In “Betty Boop’s Big Boss”, Betty answers a job listing (“Girl Wanted—Top Floor—Female Preferred”). Girl Wanted? Female Preferred? Of course this should have been a heads-up, but remember Betty’s not too big in the brains department. Being the depression era there was a line stretching around the block of other people wanting the job. When Betty got in for the interview the Boss asked Betty about her experience. Betty sings that she can’t type or take dictation, but that she can provide, er, ahem, “other benefits” in the song “You’d Be Surprised”. The Boss quickly disposes of the other applicants through a trap door conveniently located in the floor, immediately hiring Betty. Betty likes the job, but, of course, the Boss soon tries to have his way with her. Frightened, Betty calls for help. The police come on the scene making several unsuccessful attempts to enter the building. Finally, they carve their way down the building by firing machine guns into it. You see Betty and her Boss in silhouette behind the window shade. When the shade is pulled up, you see Betty and the Boss embracing. Betty exclaims, “Fresh!” and then pulls the shade back down.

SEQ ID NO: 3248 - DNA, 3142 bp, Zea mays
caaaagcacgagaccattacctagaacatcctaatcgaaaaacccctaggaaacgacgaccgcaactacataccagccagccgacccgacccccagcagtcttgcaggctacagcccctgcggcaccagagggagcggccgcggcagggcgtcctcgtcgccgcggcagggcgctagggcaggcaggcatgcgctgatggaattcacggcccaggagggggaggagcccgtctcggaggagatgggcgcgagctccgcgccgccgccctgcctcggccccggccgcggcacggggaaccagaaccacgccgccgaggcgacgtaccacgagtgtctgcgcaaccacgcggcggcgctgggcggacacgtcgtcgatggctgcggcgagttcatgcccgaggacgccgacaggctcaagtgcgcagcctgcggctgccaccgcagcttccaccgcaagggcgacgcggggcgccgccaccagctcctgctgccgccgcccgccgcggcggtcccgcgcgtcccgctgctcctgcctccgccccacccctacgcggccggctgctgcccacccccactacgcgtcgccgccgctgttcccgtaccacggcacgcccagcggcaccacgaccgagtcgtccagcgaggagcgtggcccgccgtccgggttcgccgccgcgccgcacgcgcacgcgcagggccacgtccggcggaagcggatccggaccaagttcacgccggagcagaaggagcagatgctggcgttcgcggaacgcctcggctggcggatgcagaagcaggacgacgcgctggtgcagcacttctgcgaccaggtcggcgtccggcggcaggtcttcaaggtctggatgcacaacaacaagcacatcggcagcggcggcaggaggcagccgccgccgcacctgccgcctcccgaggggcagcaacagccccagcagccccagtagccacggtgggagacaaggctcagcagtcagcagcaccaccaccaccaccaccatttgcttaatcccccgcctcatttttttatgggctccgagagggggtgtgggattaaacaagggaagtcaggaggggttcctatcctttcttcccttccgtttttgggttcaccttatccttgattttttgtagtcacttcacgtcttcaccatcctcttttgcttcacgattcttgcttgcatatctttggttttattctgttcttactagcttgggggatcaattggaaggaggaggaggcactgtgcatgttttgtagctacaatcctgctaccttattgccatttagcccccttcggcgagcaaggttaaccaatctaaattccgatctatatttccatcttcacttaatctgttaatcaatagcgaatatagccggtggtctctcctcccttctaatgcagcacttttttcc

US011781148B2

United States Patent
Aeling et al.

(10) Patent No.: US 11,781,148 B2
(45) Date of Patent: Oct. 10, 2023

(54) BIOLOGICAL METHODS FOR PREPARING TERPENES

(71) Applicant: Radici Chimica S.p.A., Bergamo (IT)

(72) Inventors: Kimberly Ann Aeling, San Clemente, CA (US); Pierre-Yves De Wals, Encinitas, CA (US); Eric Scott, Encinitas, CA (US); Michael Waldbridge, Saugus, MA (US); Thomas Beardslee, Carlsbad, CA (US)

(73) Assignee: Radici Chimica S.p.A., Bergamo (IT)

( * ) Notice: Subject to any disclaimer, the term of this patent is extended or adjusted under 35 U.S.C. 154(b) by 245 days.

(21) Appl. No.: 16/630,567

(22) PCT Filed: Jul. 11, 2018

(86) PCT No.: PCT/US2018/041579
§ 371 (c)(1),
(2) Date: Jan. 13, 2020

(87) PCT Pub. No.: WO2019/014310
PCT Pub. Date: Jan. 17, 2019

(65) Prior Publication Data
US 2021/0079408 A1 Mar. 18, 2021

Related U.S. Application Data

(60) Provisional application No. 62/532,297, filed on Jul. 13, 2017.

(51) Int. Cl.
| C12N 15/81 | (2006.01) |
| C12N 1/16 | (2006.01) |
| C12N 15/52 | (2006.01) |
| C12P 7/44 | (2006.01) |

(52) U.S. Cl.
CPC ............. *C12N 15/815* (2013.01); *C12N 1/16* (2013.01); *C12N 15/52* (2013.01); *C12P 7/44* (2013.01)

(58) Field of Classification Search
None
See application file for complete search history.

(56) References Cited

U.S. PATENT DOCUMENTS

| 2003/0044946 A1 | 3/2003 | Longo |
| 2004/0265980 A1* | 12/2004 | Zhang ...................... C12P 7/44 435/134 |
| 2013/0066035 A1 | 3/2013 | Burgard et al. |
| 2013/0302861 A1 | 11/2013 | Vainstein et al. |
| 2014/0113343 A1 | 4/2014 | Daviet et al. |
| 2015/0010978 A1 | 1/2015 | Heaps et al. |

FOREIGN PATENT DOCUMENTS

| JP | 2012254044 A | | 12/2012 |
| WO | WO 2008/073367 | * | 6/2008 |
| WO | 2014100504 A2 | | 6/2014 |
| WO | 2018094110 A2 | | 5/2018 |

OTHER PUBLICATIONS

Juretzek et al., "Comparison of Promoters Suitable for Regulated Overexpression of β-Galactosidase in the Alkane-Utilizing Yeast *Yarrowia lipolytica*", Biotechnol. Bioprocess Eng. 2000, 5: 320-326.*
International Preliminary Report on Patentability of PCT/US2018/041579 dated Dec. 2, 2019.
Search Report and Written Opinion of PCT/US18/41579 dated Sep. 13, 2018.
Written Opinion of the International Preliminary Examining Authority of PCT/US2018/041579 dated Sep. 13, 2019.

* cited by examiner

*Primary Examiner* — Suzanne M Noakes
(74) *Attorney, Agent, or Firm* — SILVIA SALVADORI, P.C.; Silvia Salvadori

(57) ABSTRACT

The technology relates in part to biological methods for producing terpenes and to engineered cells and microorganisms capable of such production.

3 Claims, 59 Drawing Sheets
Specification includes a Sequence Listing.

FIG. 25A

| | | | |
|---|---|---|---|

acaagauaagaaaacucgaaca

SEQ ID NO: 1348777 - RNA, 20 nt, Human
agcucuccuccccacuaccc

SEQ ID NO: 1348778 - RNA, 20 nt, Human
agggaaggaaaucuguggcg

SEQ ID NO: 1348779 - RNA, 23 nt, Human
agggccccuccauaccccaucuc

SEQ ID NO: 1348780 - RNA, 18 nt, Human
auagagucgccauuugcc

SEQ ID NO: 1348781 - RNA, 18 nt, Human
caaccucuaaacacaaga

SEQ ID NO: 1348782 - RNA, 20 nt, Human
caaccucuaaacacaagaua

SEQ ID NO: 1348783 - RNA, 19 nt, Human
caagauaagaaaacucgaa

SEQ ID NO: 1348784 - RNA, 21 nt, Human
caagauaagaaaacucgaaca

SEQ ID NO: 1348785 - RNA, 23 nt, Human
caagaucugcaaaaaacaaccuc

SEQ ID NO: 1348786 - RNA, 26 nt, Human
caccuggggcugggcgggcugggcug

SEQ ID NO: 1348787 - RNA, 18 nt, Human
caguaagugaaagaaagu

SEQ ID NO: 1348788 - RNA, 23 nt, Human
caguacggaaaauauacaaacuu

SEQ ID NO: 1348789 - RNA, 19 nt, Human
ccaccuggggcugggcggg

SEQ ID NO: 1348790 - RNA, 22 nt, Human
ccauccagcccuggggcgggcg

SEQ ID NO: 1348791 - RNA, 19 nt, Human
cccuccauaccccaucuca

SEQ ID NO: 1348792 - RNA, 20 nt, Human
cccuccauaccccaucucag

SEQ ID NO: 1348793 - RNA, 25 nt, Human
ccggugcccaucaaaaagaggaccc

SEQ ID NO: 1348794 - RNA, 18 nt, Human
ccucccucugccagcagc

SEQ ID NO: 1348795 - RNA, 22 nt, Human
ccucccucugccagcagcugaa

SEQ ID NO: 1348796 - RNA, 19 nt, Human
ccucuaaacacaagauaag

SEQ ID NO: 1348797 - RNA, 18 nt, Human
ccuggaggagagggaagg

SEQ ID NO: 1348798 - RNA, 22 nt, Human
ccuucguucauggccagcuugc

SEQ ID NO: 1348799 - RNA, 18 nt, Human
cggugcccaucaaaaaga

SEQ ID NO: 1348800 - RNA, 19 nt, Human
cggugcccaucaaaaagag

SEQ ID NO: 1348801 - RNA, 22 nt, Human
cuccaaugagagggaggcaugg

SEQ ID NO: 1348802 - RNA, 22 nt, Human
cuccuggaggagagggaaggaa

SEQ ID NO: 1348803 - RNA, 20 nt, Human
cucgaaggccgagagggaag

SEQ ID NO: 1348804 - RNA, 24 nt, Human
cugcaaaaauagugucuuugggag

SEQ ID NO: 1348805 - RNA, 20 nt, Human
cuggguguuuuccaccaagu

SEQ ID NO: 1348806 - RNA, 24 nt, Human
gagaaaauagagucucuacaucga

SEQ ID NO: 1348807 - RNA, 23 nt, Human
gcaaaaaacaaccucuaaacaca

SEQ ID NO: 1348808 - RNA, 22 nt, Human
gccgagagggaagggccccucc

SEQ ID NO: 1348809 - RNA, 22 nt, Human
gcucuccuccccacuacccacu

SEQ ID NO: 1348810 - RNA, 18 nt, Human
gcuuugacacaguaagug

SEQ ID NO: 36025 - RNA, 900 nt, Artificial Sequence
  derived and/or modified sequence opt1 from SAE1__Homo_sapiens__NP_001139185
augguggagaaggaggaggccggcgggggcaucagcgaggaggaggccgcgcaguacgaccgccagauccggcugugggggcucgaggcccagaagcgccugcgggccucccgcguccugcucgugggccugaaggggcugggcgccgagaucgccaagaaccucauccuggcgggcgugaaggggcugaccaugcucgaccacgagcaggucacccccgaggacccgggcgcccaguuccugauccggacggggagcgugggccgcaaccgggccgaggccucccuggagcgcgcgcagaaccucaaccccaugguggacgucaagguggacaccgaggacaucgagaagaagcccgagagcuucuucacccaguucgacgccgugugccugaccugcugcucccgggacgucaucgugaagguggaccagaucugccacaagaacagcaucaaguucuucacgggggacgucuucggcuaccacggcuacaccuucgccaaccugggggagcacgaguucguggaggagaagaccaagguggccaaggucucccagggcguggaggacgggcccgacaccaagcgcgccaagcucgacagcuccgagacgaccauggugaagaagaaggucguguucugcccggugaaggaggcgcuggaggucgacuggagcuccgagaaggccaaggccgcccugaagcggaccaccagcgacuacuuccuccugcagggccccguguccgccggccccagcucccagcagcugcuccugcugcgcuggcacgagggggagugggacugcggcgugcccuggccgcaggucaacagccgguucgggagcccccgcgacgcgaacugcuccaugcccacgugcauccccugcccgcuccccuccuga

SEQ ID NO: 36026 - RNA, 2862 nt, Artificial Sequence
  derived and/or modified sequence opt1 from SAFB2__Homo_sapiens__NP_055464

Ha! Ha! Ha! (1934): Banned for drug abuse? Well, not exactly. It’s all over YouTube, it’s available on DVD and they don’t exactly show Betty Boop on TV anymore so, I feel this claim is bogus and I would say that claim is going too far, but, nowadays people claim this cartoon to be promoting drug abuse. Cheesh, grow up people! Anyway, this is one of my favorite Betty Boop vehicles. Max Fleischer makes a pen and ink drawing of Betty, as he leaves the studio for the night saying, “Good Night, Betty” and Betty replying, “Goodnight Uncle Max”. Koko pops out of the inkwell, shaking off the ink, he then proceeds to help himself to Max’s chocolate bar. It hits a nerve and Koko is left with a pounding toothache. Betty jumps to action, drawing a dentist’s office and pulling Koko into the scene so she can perform Boop style dentistry on Koko. Betty ends up using too much laughing gas pushing the meter on the tank from groans to titters, giggles, laughs and finally hysterics. The laughing gas slips from Koko’s mouth falling to the floor. Before Betty has a chance to turn off the tank the gas envelops her. Going cross-eyed she sings, “Ha Ha Ha, oh my dear, I feel so silly and so queer…” Soon the gas escapes the room, leaving the clock and the typewriter cracking up. It then escapes the room through an open window filling the entire city, leaving all the people (incorporating live-action footage) and, of course in true Fleischer style, all the inantimate objects in the city laughing hysterically.